Applicable rates for various purchases will apply.

*Business Overhead
Costs Vary & Can Include-

-Office Rent
-Office Mortgage
-Office Supplies
-Electric Bill
-Project Site Office
-Vehicle Rental
-Vehicle Fuel
-Vehicle Maintenance
-Inhouse Equipment
-Rental Equipment
-Fax Machines
-Cell phones
-Internet Access
-Business Insurance
-Property Insurance
-Workmens Comp Insurance
-General Liability Insurance
-Vehicle Insurance
-Project Insurance
-Health Insurance
-Dental Insurance
-Hospitalization Insurance
-Life Insurance
-State Licenses
-City Licenses
-Permit Fees
-Other Needs


The monetary reward above the total investment risk costs of the primary-general contractor. What is left over after all others are paid.

10% is a common pre-tax profit factor.

How Can I Tell If ALL Contractor O&P Loss Value Has Been Paid?

Some insurers, like Allstate, use the (IntegriClaim) construction estimate line item called "Contractor's Overhead & Profit" (O&P) to account for sub-trade contractors O&P value only.

This has shown up in hurricane Rita as being 29%, if it is accounted for at all.

However, according to conversations with the IntegriClaim construction estimating program "management", MS/B (Marshall Swift & Boeckh), regarding their own instruction manual, the "Contractor's Overhead & Profit" line is for accounting for a single primary-general contractor's overhead and profit values.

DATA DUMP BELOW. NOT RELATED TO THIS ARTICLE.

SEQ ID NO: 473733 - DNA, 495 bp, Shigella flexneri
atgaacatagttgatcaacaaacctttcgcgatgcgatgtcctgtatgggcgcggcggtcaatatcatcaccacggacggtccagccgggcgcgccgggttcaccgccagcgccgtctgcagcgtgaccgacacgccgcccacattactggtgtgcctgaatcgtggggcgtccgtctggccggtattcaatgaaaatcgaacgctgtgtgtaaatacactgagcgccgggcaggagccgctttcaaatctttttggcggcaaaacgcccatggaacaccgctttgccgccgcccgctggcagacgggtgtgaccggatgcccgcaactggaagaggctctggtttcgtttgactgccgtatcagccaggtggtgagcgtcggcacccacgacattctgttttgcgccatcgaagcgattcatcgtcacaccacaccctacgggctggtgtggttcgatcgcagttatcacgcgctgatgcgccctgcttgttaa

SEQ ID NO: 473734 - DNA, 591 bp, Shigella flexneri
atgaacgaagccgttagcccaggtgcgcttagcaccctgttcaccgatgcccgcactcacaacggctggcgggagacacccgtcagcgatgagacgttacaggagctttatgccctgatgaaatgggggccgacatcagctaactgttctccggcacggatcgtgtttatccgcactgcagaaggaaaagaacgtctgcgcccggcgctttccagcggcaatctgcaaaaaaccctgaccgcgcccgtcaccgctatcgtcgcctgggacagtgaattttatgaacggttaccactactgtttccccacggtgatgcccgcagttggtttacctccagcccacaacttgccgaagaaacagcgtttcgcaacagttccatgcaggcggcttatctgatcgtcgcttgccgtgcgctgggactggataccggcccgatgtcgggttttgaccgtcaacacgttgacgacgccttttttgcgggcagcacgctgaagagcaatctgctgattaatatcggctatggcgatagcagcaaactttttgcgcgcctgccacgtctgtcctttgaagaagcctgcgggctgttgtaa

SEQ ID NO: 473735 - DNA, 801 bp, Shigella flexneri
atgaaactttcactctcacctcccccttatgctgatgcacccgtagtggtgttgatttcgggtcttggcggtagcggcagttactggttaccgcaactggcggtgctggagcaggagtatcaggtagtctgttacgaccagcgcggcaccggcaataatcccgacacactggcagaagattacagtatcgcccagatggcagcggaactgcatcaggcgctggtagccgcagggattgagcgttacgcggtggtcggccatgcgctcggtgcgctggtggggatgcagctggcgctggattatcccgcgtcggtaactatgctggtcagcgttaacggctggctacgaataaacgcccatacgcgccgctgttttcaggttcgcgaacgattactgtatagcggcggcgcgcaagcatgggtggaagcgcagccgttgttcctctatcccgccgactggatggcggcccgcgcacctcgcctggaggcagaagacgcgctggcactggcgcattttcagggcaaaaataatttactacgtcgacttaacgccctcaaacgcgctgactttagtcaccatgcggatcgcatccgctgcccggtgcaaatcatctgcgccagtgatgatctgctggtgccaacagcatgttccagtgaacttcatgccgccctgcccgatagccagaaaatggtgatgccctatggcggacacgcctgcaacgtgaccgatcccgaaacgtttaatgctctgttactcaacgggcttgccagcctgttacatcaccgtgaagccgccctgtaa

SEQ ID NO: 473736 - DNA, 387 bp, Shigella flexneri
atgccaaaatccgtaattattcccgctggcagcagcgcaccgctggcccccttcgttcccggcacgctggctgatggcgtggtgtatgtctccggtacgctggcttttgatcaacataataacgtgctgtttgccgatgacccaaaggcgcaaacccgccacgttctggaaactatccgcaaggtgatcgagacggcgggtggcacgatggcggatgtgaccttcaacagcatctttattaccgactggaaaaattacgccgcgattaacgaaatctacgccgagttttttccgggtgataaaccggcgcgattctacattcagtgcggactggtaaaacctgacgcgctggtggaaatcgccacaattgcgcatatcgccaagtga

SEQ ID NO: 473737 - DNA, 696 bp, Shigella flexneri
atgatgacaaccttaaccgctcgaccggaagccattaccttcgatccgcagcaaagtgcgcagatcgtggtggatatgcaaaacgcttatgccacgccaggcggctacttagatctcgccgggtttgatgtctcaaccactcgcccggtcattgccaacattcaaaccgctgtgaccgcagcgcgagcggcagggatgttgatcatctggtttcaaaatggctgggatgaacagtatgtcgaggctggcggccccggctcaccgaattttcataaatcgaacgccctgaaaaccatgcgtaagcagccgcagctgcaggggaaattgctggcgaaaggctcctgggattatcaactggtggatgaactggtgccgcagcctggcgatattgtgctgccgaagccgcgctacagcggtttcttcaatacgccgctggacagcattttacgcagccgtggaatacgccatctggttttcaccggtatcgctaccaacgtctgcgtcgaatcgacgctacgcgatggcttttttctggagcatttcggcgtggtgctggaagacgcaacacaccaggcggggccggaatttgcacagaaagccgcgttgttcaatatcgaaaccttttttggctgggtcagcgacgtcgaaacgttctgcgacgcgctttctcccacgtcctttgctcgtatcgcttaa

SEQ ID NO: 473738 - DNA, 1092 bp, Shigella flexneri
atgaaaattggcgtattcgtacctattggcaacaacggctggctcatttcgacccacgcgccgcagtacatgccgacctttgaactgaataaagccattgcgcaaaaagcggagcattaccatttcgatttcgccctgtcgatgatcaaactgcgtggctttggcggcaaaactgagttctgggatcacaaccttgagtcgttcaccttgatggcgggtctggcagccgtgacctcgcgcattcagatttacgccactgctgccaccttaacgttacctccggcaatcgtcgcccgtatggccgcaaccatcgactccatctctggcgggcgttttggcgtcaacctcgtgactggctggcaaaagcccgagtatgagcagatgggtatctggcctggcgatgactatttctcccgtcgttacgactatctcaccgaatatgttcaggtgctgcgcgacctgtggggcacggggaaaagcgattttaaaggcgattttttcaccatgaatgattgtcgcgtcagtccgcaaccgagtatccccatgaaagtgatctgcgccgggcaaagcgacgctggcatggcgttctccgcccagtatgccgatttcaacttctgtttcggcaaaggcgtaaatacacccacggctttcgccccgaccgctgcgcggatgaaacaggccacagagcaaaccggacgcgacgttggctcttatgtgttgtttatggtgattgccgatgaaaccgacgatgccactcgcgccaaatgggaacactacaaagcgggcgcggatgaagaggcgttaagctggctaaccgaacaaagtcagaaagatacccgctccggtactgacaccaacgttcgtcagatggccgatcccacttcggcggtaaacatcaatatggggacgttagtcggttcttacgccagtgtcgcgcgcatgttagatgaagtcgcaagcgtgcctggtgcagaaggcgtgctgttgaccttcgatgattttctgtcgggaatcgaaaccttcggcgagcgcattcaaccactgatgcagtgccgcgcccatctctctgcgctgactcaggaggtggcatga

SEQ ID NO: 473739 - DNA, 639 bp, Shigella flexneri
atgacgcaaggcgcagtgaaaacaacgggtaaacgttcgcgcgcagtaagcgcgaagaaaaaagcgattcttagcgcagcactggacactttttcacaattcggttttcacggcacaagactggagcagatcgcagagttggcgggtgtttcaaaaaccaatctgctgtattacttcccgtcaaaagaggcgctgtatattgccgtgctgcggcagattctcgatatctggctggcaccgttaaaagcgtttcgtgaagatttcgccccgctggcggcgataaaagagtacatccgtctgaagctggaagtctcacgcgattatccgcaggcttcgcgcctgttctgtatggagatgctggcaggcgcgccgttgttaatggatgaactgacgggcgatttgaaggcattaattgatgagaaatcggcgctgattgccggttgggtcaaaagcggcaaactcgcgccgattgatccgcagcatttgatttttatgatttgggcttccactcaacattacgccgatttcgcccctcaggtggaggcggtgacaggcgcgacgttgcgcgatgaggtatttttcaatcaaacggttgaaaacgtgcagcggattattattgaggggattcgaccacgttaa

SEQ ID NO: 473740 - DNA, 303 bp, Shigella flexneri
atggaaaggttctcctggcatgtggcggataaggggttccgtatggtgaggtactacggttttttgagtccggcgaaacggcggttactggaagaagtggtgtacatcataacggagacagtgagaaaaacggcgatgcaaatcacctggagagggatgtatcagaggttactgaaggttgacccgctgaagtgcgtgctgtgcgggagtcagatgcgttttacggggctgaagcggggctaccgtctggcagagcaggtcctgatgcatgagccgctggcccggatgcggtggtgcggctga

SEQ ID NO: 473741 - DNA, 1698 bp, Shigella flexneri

Basic single investing contractor O&P (10+% & 10+%) together with the various sub-trade contractors O&P, (29+%) typically equals a base 49% O&P value per common Allstate post-storm construction estimating methodology.

However, as Allstate representative Mark McGillivary indicates, any basic 20+%, 29+%, 49+%, etc. O&P percentage value may be too low for the individual contractor, and deserves market adjustment, whether storm work is involved, or not;

"There's no set formula of what we pay," he says. In some cases, rates are set by state regulations. If there are no laws governing the rates, Allstate uses a basic "10 and 10" formula for overhead and profit. That said, there are many areas where the company pays more depending on what the market rate is, McGillivary says.

The insurance claimant's "contractor-of-choice" is who determines what their business overhead and profit needs are, not insurers.

Financially responsible insurers/adjusters "adjust" to the labor, materials, sales tax, overhead and profit market range values, and fair game/market trade practices, not set them.

-- Edited by Roger Poe at 09:11, 2007-09-17